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Illustration on excessive government regulation of oil by Mark Weber/Tribune Content Agency

Opening the tap for crude-oil exports

Not many years ago, the idea of “peak oil” was all the rage. The concept, first identified in 1956 by M. King Hubbert, a geologist working for Shell Oil, held that there was a finite amount of oil in the ground and that oil production would peak in the 1970s and then decline.

Underfunding of Charter Schools in D.C. Illustration by Greg Groesch/The Washington Times

D.C. charter schools deserve equal funding

As Washington gets ready to select a new mayor, D.C. voters should insist that to get their vote, a candidate should pledge to provide all students in the District equitable treatment when it comes to school funding.

Illustration on Ron Klain by Alexander Hunter/The Washington Times

Treating Ebola with politics

When the then-spreading Ebola virus threatened our nation last week, President Obama put one man in charge of coordinating the government’s response who had zero experience in handling infectious diseases.

Illustration on free trade and government restrictions by Alexander Hunter/The Washington Times

Free-trade superstitions

What’s it like being a free-market advocate in the 21st century? I think it can be summarized as follows: Another day, another dollar — and another attack on capitalism.

Pope Francis waves as he leaves after he celebrated the beatification ceremony of Pope Paul VI, and a mass for the closing of of a two-week synod on family issues, in Saint Peter's Square at the Vatican,  Sunday, Oct. 19, 2014. (AP Photo/Andrew Medichini)

The price of papal popularity

Normally a synod of Catholic bishops does not provide fireworks rivaling the 1968 Democratic National Convention in Chicago, where Mayor Richard Daley’s boys in blue ran up the score on the radicals in Grant Park.

Seal of the Just Us Department Illustration by Greg Groesch/The Washington Times

A post-Holder Justice Department worthy of the name

Watergate-era misconduct and politicization at the Department of Justice shattered public trust in a once-venerated institution by 1975. The urgent task of restoring Justice fell to Edward H. Levi.

Senate candidate Bruce Braley, right,  campaigns with  U.S. Sen. Elizabeth Warren, D-Mass., in an Iowa Votes rally in Des Moines  Sunday, Oct. 19, 2014, at the Hotel Fort Des Moines . (AP Photo/The Des Moines Register, Rodney White)  MAGS OUT, TV OUT, NO SALES, MANDATORY CREDIT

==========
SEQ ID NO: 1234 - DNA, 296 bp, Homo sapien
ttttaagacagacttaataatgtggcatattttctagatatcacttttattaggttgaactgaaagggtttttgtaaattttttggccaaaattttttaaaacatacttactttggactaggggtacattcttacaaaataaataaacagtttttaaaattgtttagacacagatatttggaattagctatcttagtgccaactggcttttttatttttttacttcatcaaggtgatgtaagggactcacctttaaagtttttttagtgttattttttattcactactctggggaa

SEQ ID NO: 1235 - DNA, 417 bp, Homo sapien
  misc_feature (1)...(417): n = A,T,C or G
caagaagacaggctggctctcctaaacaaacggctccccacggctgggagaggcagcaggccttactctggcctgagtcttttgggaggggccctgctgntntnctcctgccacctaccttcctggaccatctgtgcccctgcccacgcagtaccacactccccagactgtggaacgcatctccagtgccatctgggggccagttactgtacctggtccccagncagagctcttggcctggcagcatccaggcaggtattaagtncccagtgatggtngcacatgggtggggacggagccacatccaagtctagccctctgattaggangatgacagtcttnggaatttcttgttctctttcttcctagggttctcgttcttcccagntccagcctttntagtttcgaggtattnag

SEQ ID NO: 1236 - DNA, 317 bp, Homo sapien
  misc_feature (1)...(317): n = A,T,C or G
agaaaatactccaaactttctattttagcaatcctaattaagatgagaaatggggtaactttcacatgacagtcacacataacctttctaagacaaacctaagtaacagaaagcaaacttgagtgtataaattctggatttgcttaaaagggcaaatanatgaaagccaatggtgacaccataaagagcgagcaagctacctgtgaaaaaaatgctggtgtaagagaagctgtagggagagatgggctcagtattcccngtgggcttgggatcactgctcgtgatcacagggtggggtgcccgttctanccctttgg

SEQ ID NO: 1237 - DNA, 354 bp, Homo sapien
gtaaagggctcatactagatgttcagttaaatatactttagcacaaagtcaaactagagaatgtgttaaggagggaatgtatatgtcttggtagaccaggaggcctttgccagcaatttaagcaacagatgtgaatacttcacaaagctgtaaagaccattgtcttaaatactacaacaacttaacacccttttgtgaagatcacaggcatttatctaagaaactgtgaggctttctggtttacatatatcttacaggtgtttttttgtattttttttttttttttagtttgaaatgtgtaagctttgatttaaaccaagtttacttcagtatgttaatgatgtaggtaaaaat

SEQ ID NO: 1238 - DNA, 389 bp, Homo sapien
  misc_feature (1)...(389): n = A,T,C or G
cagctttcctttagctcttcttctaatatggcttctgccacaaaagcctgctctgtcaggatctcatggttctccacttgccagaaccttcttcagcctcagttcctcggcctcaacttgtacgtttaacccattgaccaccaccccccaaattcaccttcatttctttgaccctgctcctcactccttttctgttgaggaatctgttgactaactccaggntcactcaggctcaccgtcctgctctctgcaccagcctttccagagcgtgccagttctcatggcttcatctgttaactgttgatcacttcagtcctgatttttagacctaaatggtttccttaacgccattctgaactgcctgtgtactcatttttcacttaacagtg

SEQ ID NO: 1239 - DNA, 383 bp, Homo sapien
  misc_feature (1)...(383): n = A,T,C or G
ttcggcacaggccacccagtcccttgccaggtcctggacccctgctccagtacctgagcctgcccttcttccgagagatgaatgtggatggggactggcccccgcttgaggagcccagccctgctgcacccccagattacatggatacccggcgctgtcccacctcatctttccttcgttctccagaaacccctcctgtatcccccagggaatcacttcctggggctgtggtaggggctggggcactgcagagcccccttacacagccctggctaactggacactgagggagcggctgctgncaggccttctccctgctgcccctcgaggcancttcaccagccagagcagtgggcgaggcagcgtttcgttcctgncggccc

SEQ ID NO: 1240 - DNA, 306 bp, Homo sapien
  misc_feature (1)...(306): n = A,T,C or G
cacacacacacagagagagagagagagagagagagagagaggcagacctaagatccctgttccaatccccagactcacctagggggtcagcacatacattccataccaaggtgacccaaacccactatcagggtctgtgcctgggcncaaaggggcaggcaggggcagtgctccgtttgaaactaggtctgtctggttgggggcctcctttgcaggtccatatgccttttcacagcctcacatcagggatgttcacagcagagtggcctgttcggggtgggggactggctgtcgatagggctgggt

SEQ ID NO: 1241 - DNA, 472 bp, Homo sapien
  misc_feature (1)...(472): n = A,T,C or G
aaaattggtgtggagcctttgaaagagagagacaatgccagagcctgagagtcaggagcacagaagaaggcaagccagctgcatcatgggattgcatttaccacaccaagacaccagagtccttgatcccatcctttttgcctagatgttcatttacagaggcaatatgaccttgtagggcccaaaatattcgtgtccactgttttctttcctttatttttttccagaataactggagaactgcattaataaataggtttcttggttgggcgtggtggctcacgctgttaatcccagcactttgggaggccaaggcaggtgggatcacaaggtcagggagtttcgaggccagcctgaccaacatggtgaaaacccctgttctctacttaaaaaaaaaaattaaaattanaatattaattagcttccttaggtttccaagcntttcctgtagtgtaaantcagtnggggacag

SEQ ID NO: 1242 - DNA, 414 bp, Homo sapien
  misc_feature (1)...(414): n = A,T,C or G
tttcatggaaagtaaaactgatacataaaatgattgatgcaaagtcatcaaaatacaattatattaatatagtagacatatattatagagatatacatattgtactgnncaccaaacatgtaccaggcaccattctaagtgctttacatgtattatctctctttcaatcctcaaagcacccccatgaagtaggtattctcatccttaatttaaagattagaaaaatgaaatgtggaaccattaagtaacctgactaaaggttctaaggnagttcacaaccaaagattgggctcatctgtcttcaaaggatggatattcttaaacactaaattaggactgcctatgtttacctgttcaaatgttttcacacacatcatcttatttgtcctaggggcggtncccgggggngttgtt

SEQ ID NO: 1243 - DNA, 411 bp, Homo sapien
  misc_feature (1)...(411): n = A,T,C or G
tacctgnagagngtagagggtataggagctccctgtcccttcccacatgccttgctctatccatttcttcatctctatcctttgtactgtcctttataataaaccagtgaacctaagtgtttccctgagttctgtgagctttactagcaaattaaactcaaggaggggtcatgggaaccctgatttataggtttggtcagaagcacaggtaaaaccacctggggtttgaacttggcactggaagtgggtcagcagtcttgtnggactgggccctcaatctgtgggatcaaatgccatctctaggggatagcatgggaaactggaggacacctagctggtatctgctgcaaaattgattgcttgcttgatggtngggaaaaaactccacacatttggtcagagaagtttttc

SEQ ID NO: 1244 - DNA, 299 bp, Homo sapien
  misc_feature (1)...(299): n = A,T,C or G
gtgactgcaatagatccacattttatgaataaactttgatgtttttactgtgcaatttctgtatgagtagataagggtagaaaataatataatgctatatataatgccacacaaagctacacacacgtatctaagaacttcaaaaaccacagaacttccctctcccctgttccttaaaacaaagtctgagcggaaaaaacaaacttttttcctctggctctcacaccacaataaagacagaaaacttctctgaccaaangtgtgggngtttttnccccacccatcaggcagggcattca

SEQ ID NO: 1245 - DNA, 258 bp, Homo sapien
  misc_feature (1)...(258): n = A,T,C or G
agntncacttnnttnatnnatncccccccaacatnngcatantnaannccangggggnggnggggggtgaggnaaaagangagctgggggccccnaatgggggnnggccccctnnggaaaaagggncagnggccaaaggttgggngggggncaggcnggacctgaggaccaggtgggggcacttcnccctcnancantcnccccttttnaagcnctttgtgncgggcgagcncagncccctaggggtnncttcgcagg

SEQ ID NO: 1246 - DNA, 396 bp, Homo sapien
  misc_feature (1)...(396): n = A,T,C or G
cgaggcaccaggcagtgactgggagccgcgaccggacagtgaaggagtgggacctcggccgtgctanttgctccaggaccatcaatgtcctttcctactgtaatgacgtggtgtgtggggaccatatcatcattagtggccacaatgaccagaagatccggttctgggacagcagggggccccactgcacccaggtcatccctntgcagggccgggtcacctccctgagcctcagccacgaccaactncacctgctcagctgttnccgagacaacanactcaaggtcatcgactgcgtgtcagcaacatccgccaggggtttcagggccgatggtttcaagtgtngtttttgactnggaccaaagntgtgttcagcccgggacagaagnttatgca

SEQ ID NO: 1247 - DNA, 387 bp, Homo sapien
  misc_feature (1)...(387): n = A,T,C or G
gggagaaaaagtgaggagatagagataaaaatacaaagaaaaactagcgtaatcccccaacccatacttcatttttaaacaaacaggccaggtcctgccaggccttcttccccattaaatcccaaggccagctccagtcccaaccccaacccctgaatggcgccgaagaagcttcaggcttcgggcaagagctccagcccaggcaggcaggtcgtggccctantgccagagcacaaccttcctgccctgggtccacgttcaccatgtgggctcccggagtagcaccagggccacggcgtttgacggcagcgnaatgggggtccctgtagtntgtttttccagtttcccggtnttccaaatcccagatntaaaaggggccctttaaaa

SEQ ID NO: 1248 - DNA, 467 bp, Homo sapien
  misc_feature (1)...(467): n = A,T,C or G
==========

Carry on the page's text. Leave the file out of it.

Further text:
It was a dark and stormy Democratic night

- The Washington Times

This is the week the political world, like the worm, begins to turn. The polls, the hunches, the guesses and the vibes that only junkies feel all say it’s a Republican year and Harry Reid will soon take a seat on the back bench.

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Illustration on California's sexual assent law by Alexander Hunter/The Washington Times

Gone is the girl who can't say 'no'

Gay blades, weary of the indulgent life of easy gratification, want the courts to guarantee their right to marry. Stuffy straights demand that politicians legislate their partner's sexual intentions. The times, they are indeed a-changin'.

BOOK REVIEW: 'Not Guilty'

The single best general account of the prosecution of Sen. Ted Stevens, as seen within the context of the extraordinary history of contemporary Alaska in the age of oil, is "Crude Awakening: Money, Mavericks, and Mayhem in Alaska," a book co-authored by Amanda Coyne and Tony Hopfinger.

Mao Zedong

EDITORIAL: The benefits of inequality

Income inequality between the world's rich and poor has grown to levels not seen since the 1820s, says the Organization for Economic Cooperation and Development (OECD). The Paris-based association of 34 of the wealthiest nations produced a report that's stoking the fire in the bellies of liberals who decry the state of affairs and demand renewed attempts to redistribute the wealth.

Government Control of Medicine Illustration by Greg Groesch/The Washington Times

Lessons from Ebola

While the federal government and the Centers for Disease Control (CDC) Director Tom Frieden are telling us how safe we are from Ebola and sending 4,000 American troops to help Liberia combat the virus, Americans might want to look at how our federally supervised system is performing on the ground here.

Sen. Ted Cruz, Texas Republican, called the court's decision not to take on any gay marriage cases"tragic" and vowed to take action. (associated press)

EDITORIAL: The gay-marriage conundrum

A man who imagined himself quite the wit once posed a riddle to Abraham Lincoln: "If you count a dog's tail as a leg, how many legs does a dog have?" Just four, the president replied. "You can call a tail a leg, but it's not a leg."

Bellevue Hospital nurse Belkys Fortune, left, and Teressa Celia, Associate Director of Infection Prevention and Control, pose in protective suits in an isolation room, in the Emergency Room of the hospital, during a demonstration of procedures for possible Ebola patients, Wednesday, Oct. 8, 2014. The U.S. government plans to begin taking the temperatures of travelers from West Africa arriving at five U.S. airports, including the New York area's JFK International and Newark Liberty International, as part of a stepped-up response to the Ebola epidemic. (AP Photo/Richard Drew)

EDITORIAL: Close the borders to Ebola

The Obama administration is certain that the president and all his men know more about everything than just about anyone else. They see no point in listening to anyone outside the comfortable confines of the White House bunker.